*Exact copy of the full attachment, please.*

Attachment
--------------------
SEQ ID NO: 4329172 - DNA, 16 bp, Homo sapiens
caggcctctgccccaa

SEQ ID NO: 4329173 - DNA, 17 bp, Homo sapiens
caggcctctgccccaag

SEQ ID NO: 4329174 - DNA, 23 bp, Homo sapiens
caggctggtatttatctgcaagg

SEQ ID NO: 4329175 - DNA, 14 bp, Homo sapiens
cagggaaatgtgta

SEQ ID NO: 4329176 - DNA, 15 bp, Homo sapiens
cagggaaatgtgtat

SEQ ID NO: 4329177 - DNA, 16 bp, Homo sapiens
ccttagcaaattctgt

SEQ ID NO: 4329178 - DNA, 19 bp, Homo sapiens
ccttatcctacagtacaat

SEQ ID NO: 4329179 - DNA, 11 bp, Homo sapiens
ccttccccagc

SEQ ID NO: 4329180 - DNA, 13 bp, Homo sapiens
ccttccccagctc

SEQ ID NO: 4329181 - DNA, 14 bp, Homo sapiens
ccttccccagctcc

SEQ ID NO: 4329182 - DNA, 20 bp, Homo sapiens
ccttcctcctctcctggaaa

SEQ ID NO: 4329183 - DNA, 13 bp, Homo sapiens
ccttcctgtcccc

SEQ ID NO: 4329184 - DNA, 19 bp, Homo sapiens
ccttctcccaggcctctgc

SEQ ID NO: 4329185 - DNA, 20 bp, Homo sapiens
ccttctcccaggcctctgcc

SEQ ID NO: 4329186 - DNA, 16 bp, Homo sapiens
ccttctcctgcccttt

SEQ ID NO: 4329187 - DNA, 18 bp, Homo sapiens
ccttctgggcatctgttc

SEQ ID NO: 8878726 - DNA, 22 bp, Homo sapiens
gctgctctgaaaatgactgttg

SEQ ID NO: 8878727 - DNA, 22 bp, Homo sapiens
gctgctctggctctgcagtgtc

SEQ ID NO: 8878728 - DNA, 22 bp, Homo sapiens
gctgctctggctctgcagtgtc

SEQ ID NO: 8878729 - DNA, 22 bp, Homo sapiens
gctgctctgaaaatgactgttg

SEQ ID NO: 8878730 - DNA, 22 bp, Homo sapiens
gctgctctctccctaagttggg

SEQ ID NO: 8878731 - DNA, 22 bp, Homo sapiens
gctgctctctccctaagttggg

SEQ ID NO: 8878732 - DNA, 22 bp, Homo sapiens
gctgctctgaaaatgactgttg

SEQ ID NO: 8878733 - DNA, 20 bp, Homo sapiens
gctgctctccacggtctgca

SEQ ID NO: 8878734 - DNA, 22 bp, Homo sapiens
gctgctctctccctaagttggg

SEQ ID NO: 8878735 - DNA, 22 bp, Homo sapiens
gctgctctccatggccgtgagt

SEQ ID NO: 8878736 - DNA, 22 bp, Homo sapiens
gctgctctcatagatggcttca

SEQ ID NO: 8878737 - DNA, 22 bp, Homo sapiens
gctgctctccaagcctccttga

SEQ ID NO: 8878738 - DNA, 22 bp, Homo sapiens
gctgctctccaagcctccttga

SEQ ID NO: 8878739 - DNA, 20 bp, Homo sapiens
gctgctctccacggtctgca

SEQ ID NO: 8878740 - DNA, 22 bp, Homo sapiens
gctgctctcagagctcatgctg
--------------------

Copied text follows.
SEQ ID NO: 4329172 - DNA, 16 bp, Homo sapiens
caggcctctgccccaa

SEQ ID NO: 4329173 - DNA, 17 bp, Homo sapiens
caggcctctgccccaag

SEQ ID NO: 4329174 - DNA, 23 bp, Homo sapiens
caggctggtatttatctgcaagg

SEQ ID NO: 4329175 - DNA, 14 bp, Homo sapiens
cagggaaatgtgta

SEQ ID NO: 4329176 - DNA, 15 bp, Homo sapiens
cagggaaatgtgtat

SEQ ID NO: 4329177 - DNA, 16 bp, Homo sapiens
ccttagcaaattctgt

SEQ ID NO: 4329178 - DNA, 19 bp, Homo sapiens
ccttatcctacagtacaat

SEQ ID NO: 4329179 - DNA, 11 bp, Homo sapiens
ccttccccagc

SEQ ID NO: 4329180 - DNA, 13 bp, Homo sapiens
ccttccccagctc

SEQ ID NO: 4329181 - DNA, 14 bp, Homo sapiens
ccttccccagctcc

SEQ ID NO: 4329182 - DNA, 20 bp, Homo sapiens
ccttcctcctctcctggaaa

SEQ ID NO: 4329183 - DNA, 13 bp, Homo sapiens
ccttcctgtcccc

SEQ ID NO: 4329184 - DNA, 19 bp, Homo sapiens
ccttctcccaggcctctgc

SEQ ID NO: 4329185 - DNA, 20 bp, Homo sapiens
ccttctcccaggcctctgcc

SEQ ID NO: 4329186 - DNA, 16 bp, Homo sapiens
ccttctcctgcccttt

SEQ ID NO: 4329187 - DNA, 18 bp, Homo sapiens
ccttctgggcatctgttc

SEQ ID NO: 8878726 - DNA, 22 bp, Homo sapiens
gctgctctgaaaatgactgttg

SEQ ID NO: 8878727 - DNA, 22 bp, Homo sapiens
gctgctctggctctgcagtgtc

SEQ ID NO: 8878728 - DNA, 22 bp, Homo sapiens
gctgctctggctctgcagtgtc

SEQ ID NO: 8878729 - DNA, 22 bp, Homo sapiens
gctgctctgaaaatgactgttg

SEQ ID NO: 8878730 - DNA, 22 bp, Homo sapiens
gctgctctctccctaagttggg

SEQ ID NO: 8878731 - DNA, 22 bp, Homo sapiens
gctgctctctccctaagttggg

SEQ ID NO: 8878732 - DNA, 22 bp, Homo sapiens
gctgctctgaaaatgactgttg

SEQ ID NO: 8878733 - DNA, 20 bp, Homo sapiens
gctgctctccacggtctgca

SEQ ID NO: 8878734 - DNA, 22 bp, Homo sapiens
gctgctctctccctaagttggg

SEQ ID NO: 8878735 - DNA, 22 bp, Homo sapiens
gctgctctccatggccgtgagt

SEQ ID NO: 8878736 - DNA, 22 bp, Homo sapiens
gctgctctcatagatggcttca

SEQ ID NO: 8878737 - DNA, 22 bp, Homo sapiens
gctgctctccaagcctccttga

SEQ ID NO: 8878738 - DNA, 22 bp, Homo sapiens
gctgctctccaagcctccttga

SEQ ID NO: 8878739 - DNA, 20 bp, Homo sapiens
gctgctctccacggtctgca

SEQ ID NO: 8878740 - DNA, 22 bp, Homo sapiens
gctgctctcagagctcatgctg